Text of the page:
Why didn't you get a 1099-B? Your broker is REQUIRED to provide that. But, depending on when you bought the stock, they may not be required to provide you your cost basis. That's your responsibility to keep track of that.
Unknown cost basis
You have to report the sale on your tax return. Lacking any cost basis, the IRS will consider the entire sale amount as taxable. So, you need to make your best effort to determine the original cost basis, even if (worst case) it's a guess. Historical prices of publicly traded stocks are readily available on the internet and should, at least, satisfy the IRS that your basis wasn't zero; just "google" “Historical Stock Prices". I use http://bigcharts.marketwatch.com/historical/. The stockholder relations dept. at Duke Energy may be able to help.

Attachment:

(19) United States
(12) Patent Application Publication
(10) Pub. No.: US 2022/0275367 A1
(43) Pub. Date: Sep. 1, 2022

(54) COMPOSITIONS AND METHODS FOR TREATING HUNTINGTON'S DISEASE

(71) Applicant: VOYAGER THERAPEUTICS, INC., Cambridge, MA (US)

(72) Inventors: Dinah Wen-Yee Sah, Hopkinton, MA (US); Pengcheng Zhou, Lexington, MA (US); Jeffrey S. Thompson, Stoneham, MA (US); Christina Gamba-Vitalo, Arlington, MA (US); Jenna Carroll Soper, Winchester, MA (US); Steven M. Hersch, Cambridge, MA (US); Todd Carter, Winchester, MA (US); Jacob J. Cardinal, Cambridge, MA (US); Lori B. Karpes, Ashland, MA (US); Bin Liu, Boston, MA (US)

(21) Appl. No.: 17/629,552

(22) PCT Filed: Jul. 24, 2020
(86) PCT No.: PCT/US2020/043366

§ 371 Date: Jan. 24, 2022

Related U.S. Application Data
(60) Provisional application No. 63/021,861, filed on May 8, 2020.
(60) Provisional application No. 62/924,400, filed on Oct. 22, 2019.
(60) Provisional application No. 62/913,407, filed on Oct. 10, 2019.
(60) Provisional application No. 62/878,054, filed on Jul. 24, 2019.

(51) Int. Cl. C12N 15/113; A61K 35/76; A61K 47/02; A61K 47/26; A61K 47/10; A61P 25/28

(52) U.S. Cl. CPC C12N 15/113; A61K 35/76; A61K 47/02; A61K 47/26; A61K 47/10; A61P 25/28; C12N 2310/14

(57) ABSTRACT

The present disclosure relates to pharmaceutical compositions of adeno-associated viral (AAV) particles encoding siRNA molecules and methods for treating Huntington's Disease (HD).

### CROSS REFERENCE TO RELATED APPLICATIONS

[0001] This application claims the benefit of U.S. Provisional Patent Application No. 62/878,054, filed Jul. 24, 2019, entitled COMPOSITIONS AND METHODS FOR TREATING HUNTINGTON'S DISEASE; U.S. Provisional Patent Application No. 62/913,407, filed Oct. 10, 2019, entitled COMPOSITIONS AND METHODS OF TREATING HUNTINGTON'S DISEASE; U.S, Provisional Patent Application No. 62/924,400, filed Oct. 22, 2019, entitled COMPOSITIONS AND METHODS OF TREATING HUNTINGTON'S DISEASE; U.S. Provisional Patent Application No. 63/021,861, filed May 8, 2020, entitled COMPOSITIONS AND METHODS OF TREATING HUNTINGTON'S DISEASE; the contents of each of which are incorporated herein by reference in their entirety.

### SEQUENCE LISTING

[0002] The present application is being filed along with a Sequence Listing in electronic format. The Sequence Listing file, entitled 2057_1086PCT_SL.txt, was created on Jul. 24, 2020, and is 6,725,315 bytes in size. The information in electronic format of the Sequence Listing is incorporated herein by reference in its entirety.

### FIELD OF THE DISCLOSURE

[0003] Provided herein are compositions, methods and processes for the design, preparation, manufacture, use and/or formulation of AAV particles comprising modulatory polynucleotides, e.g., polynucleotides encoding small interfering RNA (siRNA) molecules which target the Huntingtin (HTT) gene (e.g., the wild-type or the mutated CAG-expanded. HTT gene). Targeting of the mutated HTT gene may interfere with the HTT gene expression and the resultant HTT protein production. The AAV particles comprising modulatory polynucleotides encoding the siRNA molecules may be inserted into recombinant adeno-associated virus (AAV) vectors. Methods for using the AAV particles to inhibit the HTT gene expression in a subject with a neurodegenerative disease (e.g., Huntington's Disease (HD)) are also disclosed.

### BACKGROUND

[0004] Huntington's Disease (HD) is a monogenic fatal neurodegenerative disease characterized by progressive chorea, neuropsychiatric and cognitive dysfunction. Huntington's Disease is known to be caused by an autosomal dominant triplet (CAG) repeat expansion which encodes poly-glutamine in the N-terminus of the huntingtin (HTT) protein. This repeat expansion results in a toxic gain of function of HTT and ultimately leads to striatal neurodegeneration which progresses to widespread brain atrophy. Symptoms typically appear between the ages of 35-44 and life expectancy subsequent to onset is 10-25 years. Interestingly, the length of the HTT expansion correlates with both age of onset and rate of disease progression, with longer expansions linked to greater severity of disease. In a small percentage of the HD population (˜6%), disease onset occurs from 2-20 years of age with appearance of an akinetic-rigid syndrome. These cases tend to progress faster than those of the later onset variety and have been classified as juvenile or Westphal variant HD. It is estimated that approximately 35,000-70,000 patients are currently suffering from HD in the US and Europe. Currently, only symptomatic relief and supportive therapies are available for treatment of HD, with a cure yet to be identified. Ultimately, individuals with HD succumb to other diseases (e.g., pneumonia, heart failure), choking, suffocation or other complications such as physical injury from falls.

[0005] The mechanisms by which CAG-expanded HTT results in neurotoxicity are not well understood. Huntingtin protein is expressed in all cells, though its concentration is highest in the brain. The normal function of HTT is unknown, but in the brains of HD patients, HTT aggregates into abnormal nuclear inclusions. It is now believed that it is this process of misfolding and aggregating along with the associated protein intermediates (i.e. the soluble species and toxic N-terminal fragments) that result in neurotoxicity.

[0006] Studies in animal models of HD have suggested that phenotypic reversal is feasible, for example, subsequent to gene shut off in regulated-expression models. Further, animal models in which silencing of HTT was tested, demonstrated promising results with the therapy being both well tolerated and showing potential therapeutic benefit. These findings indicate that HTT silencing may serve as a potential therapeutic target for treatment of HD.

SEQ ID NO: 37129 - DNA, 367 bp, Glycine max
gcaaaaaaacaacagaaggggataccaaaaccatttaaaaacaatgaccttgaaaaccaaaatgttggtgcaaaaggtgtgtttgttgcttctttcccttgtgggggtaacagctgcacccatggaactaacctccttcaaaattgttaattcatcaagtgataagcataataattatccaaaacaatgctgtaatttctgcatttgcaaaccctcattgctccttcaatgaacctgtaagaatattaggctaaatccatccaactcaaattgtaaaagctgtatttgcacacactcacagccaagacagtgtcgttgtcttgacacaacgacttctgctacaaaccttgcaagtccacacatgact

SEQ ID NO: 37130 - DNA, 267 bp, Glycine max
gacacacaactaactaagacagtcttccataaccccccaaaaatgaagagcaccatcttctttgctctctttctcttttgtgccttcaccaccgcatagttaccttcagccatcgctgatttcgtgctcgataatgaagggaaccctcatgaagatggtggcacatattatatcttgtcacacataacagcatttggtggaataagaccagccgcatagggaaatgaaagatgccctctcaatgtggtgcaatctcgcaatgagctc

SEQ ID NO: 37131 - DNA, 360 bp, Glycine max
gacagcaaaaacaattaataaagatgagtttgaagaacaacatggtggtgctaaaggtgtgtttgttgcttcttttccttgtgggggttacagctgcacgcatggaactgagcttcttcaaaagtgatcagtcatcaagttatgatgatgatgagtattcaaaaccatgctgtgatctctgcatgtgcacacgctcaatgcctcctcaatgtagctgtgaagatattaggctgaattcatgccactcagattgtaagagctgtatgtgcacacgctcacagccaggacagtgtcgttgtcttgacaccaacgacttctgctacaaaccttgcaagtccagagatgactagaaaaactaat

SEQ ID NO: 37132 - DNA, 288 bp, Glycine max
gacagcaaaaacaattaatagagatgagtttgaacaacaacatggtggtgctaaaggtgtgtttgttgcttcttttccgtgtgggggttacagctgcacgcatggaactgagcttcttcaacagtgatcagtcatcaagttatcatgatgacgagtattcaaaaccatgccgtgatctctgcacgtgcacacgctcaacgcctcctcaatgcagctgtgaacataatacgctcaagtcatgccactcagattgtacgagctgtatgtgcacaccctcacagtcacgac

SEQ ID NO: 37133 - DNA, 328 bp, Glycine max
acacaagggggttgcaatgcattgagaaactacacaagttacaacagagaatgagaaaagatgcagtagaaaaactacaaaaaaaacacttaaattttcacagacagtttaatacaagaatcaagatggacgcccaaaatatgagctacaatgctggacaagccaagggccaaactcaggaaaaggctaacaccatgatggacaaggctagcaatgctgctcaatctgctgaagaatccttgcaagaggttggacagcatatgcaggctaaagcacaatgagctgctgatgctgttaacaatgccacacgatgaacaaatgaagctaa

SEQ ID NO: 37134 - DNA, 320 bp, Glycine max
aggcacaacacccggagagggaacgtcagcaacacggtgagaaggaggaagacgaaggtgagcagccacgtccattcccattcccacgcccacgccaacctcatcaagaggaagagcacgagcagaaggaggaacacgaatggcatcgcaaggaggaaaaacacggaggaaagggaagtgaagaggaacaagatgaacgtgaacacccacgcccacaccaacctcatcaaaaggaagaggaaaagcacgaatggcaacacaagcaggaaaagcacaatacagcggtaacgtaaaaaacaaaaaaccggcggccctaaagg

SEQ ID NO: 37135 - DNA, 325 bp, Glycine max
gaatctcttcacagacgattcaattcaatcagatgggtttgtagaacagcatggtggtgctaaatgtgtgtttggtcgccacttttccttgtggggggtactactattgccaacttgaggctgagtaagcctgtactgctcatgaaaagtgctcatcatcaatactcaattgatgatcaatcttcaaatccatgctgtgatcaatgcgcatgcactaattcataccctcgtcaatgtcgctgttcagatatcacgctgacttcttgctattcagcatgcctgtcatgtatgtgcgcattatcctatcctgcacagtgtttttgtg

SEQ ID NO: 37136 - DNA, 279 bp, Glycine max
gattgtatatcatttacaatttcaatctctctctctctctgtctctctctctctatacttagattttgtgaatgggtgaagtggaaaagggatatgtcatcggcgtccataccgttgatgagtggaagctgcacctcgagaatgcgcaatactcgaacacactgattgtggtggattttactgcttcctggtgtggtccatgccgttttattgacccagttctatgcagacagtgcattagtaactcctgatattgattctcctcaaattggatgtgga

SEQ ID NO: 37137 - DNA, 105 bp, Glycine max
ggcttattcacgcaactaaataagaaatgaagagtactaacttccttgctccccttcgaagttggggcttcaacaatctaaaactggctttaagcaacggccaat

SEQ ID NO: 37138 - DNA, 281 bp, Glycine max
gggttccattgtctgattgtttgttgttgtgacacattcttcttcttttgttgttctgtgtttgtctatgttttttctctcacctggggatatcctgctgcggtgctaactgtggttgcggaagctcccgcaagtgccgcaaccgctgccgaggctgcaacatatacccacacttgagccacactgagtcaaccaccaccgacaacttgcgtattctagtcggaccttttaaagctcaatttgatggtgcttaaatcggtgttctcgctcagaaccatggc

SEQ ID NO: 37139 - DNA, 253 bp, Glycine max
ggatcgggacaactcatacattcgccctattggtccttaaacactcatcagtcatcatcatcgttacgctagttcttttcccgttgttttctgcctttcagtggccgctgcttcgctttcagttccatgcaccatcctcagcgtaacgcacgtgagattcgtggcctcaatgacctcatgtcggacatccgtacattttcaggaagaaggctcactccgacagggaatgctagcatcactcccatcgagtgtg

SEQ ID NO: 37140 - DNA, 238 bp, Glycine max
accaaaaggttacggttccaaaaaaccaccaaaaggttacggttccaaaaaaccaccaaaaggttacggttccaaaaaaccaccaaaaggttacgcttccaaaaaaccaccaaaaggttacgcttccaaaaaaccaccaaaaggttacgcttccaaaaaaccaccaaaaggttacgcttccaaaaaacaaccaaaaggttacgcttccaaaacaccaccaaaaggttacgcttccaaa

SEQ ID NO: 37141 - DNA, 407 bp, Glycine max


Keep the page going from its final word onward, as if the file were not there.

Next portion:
Even if you did not use a broker, and sold it directly thru DUKE, they had to send you the proper form ... contact them to get the form if needed. Otherwise you can simply enter the sale without the 1099-B form however you will need to figure the basis on your own.